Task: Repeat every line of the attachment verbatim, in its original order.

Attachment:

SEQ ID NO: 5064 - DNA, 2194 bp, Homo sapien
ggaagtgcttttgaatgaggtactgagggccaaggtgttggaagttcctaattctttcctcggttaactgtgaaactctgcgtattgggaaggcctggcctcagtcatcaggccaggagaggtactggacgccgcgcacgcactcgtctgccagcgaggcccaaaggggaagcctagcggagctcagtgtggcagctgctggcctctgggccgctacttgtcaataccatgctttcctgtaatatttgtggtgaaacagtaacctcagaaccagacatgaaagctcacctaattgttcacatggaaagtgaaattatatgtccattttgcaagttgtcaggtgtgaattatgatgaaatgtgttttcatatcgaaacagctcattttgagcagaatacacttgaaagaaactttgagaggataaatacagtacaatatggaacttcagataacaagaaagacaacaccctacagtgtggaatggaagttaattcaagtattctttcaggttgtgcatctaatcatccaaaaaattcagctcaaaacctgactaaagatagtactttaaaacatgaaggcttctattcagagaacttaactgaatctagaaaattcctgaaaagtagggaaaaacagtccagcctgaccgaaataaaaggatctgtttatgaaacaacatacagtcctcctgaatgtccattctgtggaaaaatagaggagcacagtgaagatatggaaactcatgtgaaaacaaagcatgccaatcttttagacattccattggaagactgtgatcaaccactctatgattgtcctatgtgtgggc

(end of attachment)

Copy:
SEQ ID NO: 5064 - DNA, 2194 bp, Homo sapien
ggaagtgcttttgaatgaggtactgagggccaaggtgttggaagttcctaattctttcctcggttaactgtgaaactctgcgtattgggaaggcctggcctcagtcatcaggccaggagaggtactggacgccgcgcacgcactcgtctgccagcgaggcccaaaggggaagcctagcggagctcagtgtggcagctgctggcctctgggccgctacttgtcaataccatgctttcctgtaatatttgtggtgaaacagtaacctcagaaccagacatgaaagctcacctaattgttcacatggaaagtgaaattatatgtccattttgcaagttgtcaggtgtgaattatgatgaaatgtgttttcatatcgaaacagctcattttgagcagaatacacttgaaagaaactttgagaggataaatacagtacaatatggaacttcagataacaagaaagacaacaccctacagtgtggaatggaagttaattcaagtattctttcaggttgtgcatctaatcatccaaaaaattcagctcaaaacctgactaaagatagtactttaaaacatgaaggcttctattcagagaacttaactgaatctagaaaattcctgaaaagtagggaaaaacagtccagcctgaccgaaataaaaggatctgtttatgaaacaacatacagtcctcctgaatgtccattctgtggaaaaatagaggagcacagtgaagatatggaaactcatgtgaaaacaaagcatgccaatcttttagacattccattggaagactgtgatcaaccactctatgattgtcctatgtgtgggc